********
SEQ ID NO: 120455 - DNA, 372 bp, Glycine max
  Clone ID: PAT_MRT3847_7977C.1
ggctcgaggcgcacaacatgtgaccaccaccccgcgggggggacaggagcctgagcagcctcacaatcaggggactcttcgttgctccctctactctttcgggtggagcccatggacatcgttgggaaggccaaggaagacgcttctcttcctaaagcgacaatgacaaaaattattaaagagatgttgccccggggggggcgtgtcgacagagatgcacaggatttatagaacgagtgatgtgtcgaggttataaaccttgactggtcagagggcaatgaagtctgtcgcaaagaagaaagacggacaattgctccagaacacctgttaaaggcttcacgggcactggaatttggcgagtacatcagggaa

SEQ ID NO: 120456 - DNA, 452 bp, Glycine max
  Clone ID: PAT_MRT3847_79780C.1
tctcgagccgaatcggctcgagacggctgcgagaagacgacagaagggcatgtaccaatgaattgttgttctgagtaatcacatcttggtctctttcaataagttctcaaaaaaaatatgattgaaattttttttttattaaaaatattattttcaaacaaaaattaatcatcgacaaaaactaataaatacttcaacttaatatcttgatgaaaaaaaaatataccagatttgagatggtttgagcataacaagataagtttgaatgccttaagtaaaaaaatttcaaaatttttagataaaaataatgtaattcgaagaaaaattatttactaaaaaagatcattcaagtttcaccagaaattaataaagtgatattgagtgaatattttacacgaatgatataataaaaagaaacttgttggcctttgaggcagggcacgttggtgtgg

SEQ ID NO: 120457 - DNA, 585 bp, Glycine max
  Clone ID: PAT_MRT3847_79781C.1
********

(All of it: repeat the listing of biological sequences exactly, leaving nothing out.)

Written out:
SEQ ID NO: 120455 - DNA, 372 bp, Glycine max
  Clone ID: PAT_MRT3847_7977C.1
ggctcgaggcgcacaacatgtgaccaccaccccgcgggggggacaggagcctgagcagcctcacaatcaggggactcttcgttgctccctctactctttcgggtggagcccatggacatcgttgggaaggccaaggaagacgcttctcttcctaaagcgacaatgacaaaaattattaaagagatgttgccccggggggggcgtgtcgacagagatgcacaggatttatagaacgagtgatgtgtcgaggttataaaccttgactggtcagagggcaatgaagtctgtcgcaaagaagaaagacggacaattgctccagaacacctgttaaaggcttcacgggcactggaatttggcgagtacatcagggaa

SEQ ID NO: 120456 - DNA, 452 bp, Glycine max
  Clone ID: PAT_MRT3847_79780C.1
tctcgagccgaatcggctcgagacggctgcgagaagacgacagaagggcatgtaccaatgaattgttgttctgagtaatcacatcttggtctctttcaataagttctcaaaaaaaatatgattgaaattttttttttattaaaaatattattttcaaacaaaaattaatcatcgacaaaaactaataaatacttcaacttaatatcttgatgaaaaaaaaatataccagatttgagatggtttgagcataacaagataagtttgaatgccttaagtaaaaaaatttcaaaatttttagataaaaataatgtaattcgaagaaaaattatttactaaaaaagatcattcaagtttcaccagaaattaataaagtgatattgagtgaatattttacacgaatgatataataaaaagaaacttgttggcctttgaggcagggcacgttggtgtgg

SEQ ID NO: 120457 - DNA, 585 bp, Glycine max
  Clone ID: PAT_MRT3847_79781C.1